Center for Biological Diversity

For Immediate Release, September 25, 2023


Cooper Freeman, Center for Biological Diversity, (907) 531-0703,
Kevin Campion, Save the North Pacific Right Whale, (206) 228-3615,

Alaska Habitat Protections Expanding for North Pacific Right Whale

ANCHORAGE, Alaska— NOAA Fisheries announced today that it intends to expand critical habitat protections in Alaska for the North Pacific right whale. If finalized, the action will help protect the most endangered whale population in the world.

In July 2022 NOAA Fisheries announced a review of the whale’s critical habitat in Alaska, responding to a petition submitted in March of 2022 by the Center for Biological Diversity and Save the North Pacific Right Whale. The petition requested that the agency include thousands of square nautical miles the whale relies on for feeding and migration.

Scientists estimate that only 30 individual North Pacific right whales may remain. With very few reproducing females, the species is at extreme risk of imminent extinction. The population ranges from the Bering Sea to Baja California.

“I’m encouraged that North Pacific right whales may get these badly needed protections,” said Cooper Freeman, Alaska representative at the Center for Biological Diversity. “There’s no time to waste in helping these whales, who are teetering right on the brink of extinction. We need to move fast and do everything we can to protect the places that are crucial to their survival.”

The agency’s initial positive finding triggered a thorough review of the whale’s current critical habitat designation, with a determination of how the agency will proceed required 12 months after the petition filing date. The agency confirmed today that it will revise the critical habitat area following additional study and analysis.

“As one of the rarest whales on the planet, North Pacific right whales require a dedicated effort to recover,” said Kevin Campion, boat captain and founder of Save the North Pacific Right Whale. “We’re grateful to NOAA for recognizing these areas are critical to the whale’s survival. Now it’s time to work toward a thriving North Pacific right whale population.”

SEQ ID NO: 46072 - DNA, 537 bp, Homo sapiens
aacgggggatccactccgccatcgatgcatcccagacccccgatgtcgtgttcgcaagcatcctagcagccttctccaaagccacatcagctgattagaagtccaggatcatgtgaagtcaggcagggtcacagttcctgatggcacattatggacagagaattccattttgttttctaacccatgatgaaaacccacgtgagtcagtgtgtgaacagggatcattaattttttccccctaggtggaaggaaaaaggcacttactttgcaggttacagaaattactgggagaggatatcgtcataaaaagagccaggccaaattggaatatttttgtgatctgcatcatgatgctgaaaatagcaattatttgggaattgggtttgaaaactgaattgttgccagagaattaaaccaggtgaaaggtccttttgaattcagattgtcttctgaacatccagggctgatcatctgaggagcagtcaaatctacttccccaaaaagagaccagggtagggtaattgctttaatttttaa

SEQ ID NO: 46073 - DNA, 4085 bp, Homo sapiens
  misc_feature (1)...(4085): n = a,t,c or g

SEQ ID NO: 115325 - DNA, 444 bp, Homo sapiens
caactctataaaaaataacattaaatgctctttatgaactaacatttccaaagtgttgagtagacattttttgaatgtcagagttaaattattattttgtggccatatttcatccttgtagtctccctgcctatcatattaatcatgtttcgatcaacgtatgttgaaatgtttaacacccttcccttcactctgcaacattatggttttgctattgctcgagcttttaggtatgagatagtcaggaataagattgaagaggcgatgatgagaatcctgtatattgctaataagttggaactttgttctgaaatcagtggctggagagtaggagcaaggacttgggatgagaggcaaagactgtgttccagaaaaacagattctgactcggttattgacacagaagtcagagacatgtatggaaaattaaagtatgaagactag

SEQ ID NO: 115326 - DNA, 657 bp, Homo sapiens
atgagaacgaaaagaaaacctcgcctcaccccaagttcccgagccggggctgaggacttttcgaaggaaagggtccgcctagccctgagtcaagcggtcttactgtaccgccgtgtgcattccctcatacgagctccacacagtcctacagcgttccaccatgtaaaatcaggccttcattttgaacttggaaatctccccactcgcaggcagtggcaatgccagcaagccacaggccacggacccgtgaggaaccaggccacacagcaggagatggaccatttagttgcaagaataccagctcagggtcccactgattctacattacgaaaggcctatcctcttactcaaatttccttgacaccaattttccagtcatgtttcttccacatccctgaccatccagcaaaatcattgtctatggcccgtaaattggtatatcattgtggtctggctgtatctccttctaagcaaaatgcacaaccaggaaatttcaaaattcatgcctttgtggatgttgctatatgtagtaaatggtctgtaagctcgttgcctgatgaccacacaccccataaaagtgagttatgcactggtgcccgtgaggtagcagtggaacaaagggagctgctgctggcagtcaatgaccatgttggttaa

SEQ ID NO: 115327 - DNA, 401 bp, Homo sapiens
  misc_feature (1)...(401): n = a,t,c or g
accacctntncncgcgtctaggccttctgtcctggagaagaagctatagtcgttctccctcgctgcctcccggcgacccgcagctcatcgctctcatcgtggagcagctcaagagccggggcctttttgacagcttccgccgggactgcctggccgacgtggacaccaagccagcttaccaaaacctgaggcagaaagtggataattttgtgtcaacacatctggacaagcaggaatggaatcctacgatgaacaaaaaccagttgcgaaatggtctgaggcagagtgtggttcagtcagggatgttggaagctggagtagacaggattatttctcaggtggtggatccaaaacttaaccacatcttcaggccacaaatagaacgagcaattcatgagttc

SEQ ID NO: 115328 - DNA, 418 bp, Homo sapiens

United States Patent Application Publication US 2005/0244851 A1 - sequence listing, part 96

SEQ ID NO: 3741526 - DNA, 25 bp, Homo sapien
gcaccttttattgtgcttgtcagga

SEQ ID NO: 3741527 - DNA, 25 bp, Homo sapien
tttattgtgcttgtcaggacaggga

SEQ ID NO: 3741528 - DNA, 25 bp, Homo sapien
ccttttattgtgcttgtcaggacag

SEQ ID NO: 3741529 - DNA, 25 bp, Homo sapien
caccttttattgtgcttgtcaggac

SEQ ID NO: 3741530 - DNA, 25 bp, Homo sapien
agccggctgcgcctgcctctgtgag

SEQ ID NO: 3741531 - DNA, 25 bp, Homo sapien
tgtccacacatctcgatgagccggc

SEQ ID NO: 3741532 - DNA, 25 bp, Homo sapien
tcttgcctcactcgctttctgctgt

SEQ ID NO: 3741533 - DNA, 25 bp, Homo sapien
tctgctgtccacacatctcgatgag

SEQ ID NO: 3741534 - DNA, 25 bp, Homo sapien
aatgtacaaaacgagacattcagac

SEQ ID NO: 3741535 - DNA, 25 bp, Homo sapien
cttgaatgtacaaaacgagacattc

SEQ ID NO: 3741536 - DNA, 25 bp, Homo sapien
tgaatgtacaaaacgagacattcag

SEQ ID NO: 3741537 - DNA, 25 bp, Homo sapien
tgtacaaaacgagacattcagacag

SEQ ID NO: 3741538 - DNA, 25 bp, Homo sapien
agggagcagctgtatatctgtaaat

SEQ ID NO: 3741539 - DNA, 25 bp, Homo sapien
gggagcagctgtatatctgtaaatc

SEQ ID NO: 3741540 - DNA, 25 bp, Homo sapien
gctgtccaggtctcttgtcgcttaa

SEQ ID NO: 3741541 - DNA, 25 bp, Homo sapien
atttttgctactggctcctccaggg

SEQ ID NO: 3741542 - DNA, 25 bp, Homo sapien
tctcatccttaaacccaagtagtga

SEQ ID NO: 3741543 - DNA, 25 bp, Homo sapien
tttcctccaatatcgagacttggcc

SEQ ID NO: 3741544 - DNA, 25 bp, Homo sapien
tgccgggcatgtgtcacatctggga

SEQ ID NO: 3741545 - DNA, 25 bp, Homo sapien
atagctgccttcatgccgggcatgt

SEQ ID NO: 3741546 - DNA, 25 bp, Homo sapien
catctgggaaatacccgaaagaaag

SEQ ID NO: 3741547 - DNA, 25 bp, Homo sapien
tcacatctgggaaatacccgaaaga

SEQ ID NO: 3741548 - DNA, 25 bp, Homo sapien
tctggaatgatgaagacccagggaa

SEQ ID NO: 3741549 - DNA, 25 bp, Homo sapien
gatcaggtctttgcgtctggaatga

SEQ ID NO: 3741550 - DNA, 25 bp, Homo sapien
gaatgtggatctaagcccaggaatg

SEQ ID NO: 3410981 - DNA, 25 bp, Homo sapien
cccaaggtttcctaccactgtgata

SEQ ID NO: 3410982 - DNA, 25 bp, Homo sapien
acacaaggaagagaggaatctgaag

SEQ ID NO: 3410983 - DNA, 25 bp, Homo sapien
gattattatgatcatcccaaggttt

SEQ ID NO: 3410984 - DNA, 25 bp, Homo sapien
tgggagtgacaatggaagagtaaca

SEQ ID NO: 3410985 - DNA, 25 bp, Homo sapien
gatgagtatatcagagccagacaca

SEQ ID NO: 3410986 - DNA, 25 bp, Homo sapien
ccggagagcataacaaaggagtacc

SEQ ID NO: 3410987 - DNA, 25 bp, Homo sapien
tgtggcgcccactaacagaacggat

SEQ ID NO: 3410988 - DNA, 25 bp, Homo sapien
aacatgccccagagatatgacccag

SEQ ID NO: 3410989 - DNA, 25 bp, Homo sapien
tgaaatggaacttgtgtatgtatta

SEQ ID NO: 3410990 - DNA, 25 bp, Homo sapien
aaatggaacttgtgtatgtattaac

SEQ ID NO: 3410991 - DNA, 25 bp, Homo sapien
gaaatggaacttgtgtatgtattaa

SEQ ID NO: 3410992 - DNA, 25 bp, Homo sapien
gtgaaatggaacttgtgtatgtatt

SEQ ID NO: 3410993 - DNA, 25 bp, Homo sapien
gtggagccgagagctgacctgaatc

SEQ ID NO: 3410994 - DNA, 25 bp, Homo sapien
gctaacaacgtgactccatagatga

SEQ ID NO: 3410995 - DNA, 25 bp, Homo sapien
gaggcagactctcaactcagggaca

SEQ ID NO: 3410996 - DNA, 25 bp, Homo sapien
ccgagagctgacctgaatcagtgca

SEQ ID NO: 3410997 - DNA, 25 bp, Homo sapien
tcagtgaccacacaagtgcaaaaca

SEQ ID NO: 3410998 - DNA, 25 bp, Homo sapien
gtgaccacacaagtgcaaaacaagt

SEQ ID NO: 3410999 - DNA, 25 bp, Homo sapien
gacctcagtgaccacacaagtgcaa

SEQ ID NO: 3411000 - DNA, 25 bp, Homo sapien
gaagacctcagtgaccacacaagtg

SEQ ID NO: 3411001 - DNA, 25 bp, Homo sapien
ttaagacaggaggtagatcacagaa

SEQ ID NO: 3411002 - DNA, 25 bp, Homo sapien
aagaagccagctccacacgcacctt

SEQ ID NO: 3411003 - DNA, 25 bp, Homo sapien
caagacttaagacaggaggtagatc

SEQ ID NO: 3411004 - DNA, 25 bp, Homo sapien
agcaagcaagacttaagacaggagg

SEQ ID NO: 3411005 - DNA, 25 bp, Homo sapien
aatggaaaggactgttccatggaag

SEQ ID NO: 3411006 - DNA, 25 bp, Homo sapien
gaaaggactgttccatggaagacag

The petition urging habitat expansion cited growing threats to the whale from vessel strikes, entanglement in fishing gear, ocean noise and oil and gas spills. Climate change is reducing sea ice and altering shipping routes, resulting in increased shipping traffic in the whale’s habitat.

Since NOAA Fisheries’ last rule on the whale’s critical habitat in 2008, new surveys and research have confirmed two key habitats essential for this right whale population’s survival. The whales use a migratory corridor through the Fox Islands in the Aleutian chain, including Unimak Pass, both during and outside the assumed migratory season, and rely on feeding grounds near Kodiak Island.

Scientists have discovered that North Pacific right whales put calls into distinguishable, consistent songs, making them the first right whales ever known to sing.

North Pacific Right Whale, Eubalaena japonica, (c) John Durban, NOAA Image is available for media use.

The Center for Biological Diversity is a national, nonprofit conservation organization with more than 1.7 million members and online activists dedicated to the protection of endangered species and wild places.

Save the North Pacific Right Whale is dedicated to saving the world's rarest whale.

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